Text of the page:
May 5, 2016

Legal Challenge to Amendment Restricting Leasing Held Untimely By WA High Court

The Washington Supreme Court recently unanimously ruled that a legal challenge to a recorded condominium declaration amendment restricting leasing was barred by a one-year statute of limitation in the Washington Condominium Act.  

A condominium declaration amendment received board approval, received at least sixty-seven percent owner approval, and was recorded.  A person bought a unit subject to that amendment and then argued in a lawsuit over four years later that the amendment required ninety percent owner approval (based on a different subsection of the WCA) because it changed the uses to which units were restricted. The Washington Supreme Court responded that "it is not immediately apparent which vote total was needed to approve the amendment" and that the legislature "may well wish to clarify" the WCA with regard to whether the definition of "use" includes the leasing of a unit.  However, the Court also noted that the amendment was voidable (rather than void from its inception, as in the case of fraud) from a legal perspective due to the process by which it was approved.  The Court therefore held that a one-year time bar for challenges to amendments in the WCA applied to this challenge regardless of the required approval percentage.  The Court concluded that "[t]o hold otherwise would render the time bar meaningless."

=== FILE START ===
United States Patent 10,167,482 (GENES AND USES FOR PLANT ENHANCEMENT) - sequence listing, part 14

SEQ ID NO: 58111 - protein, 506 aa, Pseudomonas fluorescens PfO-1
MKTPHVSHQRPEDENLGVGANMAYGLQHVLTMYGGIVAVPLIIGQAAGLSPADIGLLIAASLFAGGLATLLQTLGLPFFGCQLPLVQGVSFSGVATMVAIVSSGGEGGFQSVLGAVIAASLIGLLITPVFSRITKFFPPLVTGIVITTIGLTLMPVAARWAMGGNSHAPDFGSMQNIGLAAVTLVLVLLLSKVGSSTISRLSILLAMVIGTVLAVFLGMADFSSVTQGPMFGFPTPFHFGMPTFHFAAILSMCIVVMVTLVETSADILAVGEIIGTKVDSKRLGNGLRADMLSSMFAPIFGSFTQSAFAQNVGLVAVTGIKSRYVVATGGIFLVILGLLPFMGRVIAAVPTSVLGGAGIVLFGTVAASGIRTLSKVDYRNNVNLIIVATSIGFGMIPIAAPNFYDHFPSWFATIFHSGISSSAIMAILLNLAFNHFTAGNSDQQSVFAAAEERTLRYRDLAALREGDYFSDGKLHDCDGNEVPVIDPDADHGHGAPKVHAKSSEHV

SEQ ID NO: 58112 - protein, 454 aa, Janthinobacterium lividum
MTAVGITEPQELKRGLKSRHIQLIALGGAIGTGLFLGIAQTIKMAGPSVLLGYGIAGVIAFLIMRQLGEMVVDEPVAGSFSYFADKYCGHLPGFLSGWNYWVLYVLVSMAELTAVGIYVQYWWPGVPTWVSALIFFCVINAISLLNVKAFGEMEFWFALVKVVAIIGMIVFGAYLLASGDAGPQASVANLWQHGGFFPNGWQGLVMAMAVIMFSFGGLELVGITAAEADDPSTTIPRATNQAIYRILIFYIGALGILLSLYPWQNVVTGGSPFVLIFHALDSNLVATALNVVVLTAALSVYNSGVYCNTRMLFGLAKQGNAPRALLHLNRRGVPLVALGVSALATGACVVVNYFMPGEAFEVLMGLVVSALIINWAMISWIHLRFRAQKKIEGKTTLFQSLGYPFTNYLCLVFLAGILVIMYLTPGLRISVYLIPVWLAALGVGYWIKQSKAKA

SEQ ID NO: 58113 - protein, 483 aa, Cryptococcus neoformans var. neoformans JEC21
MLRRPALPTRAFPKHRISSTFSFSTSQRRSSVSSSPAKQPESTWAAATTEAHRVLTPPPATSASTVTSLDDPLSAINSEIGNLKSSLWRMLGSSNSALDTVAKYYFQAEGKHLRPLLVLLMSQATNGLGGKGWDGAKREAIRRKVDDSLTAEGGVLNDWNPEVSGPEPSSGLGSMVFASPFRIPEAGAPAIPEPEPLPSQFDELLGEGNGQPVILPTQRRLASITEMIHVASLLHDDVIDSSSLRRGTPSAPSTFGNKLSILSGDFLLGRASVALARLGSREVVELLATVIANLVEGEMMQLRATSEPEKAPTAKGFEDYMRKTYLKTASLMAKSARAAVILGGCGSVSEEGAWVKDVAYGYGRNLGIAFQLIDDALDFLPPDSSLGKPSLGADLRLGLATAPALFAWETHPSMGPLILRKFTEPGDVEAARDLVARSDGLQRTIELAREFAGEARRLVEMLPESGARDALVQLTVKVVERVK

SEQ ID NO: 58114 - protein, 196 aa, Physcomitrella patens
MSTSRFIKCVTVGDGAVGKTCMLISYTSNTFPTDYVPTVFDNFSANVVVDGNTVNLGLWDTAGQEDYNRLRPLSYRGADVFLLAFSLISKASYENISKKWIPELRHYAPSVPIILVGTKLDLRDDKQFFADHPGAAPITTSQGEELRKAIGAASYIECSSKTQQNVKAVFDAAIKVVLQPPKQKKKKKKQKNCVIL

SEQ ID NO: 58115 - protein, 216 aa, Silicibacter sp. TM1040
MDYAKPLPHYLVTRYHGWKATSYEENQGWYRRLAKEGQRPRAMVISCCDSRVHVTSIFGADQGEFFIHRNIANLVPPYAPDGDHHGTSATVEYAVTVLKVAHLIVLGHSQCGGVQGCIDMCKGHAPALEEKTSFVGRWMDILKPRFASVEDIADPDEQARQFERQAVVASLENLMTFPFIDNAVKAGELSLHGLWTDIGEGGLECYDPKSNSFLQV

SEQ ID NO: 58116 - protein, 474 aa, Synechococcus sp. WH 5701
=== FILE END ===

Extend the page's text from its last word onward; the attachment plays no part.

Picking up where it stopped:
Happy Cinco de Mayo to those WCA condominium associations that recorded declaration amendments restricting leasing with at least sixty-seven percent owner approval more than one year ago.